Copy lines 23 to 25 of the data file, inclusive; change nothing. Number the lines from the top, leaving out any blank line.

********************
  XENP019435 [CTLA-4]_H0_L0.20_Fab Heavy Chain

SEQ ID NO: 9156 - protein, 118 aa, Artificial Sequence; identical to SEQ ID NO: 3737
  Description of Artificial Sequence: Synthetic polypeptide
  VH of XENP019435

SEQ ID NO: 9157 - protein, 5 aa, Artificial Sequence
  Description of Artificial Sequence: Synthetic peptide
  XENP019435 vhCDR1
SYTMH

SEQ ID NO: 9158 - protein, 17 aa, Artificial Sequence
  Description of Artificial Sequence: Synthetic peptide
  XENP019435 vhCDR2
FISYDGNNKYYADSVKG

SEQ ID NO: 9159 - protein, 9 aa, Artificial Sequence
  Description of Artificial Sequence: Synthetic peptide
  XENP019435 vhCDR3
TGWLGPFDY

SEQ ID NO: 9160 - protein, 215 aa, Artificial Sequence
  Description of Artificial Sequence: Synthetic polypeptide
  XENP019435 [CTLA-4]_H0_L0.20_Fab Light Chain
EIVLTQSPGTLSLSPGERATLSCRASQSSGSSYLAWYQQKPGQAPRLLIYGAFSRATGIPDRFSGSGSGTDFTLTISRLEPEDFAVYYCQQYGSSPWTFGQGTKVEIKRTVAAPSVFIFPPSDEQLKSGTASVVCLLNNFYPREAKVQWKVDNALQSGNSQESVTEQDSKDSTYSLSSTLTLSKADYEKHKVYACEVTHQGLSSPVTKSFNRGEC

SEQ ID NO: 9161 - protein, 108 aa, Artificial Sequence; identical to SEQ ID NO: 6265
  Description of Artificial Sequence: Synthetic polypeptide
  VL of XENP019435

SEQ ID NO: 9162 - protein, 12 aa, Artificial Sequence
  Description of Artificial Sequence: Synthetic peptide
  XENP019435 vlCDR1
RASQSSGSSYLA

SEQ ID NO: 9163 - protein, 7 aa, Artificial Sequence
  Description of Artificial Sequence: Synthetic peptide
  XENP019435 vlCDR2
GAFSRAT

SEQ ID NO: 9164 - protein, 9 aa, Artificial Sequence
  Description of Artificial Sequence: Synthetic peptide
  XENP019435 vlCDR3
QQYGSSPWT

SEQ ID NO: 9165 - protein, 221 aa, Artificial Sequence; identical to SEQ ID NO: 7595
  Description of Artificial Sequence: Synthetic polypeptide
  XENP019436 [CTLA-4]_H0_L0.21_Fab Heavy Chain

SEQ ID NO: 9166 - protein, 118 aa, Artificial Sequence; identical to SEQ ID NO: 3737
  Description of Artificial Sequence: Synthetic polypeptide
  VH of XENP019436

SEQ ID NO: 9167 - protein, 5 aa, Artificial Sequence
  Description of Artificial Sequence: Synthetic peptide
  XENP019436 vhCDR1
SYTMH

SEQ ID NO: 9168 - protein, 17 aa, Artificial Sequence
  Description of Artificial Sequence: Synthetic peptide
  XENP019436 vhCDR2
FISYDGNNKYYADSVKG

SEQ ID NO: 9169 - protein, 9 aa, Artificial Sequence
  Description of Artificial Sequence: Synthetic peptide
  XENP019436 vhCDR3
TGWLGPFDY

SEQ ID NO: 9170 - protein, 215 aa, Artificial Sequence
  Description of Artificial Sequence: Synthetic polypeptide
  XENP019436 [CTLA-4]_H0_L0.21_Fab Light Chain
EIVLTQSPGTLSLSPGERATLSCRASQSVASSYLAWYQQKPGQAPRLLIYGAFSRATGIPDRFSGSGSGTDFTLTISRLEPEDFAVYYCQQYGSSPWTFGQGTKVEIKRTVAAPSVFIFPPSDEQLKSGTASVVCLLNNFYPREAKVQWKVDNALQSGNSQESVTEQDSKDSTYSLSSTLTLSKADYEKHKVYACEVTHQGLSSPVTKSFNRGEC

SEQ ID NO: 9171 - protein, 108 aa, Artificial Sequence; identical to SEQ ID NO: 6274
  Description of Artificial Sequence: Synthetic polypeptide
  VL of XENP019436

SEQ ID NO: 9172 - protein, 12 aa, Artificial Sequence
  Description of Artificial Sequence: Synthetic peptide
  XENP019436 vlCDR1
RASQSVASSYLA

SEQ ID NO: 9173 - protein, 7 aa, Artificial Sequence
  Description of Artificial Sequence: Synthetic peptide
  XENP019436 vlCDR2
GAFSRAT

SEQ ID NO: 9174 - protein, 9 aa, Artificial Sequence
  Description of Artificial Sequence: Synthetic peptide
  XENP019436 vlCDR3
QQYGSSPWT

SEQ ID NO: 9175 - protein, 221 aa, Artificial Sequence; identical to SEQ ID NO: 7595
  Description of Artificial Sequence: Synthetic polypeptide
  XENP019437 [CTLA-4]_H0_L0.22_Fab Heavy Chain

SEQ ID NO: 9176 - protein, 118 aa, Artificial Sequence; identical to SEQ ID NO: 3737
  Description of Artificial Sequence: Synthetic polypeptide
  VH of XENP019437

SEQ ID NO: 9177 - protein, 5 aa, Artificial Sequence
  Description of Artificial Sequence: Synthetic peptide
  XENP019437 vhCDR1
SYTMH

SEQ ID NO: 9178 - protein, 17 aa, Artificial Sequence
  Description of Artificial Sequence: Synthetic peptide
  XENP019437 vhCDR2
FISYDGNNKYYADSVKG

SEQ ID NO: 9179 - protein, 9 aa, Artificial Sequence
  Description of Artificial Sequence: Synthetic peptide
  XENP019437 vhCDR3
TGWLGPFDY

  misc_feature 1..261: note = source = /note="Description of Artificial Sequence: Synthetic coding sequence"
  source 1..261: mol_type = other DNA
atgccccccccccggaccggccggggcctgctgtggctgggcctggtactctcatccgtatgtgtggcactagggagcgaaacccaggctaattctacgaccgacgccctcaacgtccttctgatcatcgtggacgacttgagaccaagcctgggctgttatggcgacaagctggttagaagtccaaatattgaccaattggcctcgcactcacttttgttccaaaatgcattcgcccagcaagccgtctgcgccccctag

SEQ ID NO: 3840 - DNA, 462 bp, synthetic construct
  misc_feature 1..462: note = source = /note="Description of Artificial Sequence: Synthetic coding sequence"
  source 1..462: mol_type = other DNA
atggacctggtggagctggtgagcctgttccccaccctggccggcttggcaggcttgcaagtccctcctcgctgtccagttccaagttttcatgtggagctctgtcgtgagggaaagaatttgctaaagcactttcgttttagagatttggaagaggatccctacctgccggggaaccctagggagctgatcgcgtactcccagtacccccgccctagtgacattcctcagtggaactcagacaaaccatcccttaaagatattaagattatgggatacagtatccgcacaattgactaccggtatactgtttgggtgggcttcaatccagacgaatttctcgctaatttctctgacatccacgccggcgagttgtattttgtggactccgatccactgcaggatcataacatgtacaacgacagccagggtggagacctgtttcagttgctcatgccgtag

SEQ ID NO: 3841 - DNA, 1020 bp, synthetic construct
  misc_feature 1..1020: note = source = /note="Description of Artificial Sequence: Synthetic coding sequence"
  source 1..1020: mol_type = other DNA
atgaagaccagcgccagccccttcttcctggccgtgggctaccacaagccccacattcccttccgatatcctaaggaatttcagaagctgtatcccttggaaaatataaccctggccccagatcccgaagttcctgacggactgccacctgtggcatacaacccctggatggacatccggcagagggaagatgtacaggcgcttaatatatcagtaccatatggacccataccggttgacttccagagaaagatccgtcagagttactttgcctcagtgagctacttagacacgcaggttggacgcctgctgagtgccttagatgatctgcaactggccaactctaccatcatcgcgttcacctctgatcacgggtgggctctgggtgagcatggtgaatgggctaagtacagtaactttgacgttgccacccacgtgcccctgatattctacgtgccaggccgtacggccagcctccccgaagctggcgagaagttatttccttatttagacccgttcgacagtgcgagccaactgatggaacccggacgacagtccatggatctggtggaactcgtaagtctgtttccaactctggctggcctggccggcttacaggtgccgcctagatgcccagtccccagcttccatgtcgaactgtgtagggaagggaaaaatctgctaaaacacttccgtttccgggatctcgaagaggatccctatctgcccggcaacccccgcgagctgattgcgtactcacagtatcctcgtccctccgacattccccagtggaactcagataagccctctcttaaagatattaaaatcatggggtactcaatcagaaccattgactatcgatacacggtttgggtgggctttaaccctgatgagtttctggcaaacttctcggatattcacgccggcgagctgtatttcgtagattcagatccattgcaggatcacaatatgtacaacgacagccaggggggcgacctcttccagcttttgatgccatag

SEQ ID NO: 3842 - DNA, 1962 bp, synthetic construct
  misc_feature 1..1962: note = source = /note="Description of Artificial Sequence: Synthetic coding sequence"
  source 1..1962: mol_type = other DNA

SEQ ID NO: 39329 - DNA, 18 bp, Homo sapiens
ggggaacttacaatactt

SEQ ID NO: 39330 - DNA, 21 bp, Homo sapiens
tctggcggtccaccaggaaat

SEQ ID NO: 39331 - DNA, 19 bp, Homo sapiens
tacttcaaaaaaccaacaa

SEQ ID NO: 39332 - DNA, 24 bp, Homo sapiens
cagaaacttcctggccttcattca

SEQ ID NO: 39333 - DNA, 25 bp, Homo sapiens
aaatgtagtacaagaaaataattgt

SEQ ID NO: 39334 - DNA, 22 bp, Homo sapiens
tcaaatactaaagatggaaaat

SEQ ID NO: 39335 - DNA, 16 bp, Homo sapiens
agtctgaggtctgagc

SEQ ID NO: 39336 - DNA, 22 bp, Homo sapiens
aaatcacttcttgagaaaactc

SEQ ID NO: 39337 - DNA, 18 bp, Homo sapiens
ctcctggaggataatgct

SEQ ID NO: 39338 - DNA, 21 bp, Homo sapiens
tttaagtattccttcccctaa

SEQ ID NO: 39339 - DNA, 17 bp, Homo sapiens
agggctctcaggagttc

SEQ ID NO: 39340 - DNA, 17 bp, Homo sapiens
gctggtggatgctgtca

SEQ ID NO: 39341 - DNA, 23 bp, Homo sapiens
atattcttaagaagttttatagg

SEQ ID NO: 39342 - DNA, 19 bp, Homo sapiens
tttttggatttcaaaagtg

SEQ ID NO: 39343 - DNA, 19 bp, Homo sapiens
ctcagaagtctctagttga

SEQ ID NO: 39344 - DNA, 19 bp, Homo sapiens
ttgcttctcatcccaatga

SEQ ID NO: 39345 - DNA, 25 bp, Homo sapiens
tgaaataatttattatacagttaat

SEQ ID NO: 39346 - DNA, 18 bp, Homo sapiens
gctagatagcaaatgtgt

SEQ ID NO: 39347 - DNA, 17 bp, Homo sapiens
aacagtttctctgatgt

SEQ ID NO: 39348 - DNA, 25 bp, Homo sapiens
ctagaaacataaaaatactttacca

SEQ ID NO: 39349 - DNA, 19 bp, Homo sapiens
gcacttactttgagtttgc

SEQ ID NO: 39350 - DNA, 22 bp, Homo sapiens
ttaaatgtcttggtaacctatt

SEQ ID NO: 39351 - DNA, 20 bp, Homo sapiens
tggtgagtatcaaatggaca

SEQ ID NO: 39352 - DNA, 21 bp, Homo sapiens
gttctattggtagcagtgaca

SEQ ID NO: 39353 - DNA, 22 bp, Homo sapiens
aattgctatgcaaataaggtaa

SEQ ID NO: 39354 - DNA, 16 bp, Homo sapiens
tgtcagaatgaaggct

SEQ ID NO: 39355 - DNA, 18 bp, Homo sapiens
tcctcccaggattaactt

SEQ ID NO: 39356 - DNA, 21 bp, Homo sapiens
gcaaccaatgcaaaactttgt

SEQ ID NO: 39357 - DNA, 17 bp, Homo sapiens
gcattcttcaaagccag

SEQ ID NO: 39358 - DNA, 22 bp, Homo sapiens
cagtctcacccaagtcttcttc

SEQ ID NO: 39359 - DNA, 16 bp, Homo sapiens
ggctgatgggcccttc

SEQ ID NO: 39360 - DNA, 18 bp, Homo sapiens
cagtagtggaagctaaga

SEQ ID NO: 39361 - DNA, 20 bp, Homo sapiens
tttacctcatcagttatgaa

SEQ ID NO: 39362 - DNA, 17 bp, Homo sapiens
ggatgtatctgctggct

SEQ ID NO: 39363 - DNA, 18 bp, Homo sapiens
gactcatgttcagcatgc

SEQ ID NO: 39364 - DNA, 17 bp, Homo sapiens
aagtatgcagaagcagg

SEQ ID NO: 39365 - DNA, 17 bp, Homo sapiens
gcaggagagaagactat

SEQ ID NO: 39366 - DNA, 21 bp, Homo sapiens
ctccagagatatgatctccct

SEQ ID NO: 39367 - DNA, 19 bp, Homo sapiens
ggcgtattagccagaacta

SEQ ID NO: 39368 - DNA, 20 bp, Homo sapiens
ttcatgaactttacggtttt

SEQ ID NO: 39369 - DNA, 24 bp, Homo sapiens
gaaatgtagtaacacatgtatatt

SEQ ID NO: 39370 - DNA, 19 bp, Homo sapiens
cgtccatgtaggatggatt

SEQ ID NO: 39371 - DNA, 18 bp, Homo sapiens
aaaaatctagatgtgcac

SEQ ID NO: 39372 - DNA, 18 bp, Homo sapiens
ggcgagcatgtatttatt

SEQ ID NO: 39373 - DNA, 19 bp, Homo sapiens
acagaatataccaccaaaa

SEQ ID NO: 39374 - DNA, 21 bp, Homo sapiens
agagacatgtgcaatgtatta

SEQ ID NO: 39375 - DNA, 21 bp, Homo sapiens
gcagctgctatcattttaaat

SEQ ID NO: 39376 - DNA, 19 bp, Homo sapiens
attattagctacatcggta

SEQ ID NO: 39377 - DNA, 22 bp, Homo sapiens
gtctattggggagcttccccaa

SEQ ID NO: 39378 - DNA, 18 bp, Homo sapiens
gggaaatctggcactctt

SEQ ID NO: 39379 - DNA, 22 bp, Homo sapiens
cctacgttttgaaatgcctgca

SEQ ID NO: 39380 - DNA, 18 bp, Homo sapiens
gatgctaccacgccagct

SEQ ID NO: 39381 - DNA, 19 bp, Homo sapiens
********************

  VL of XENP019435

SEQ ID NO: 9162 - protein, 12 aa, Artificial Sequence
  Description of Artificial Sequence: Synthetic peptide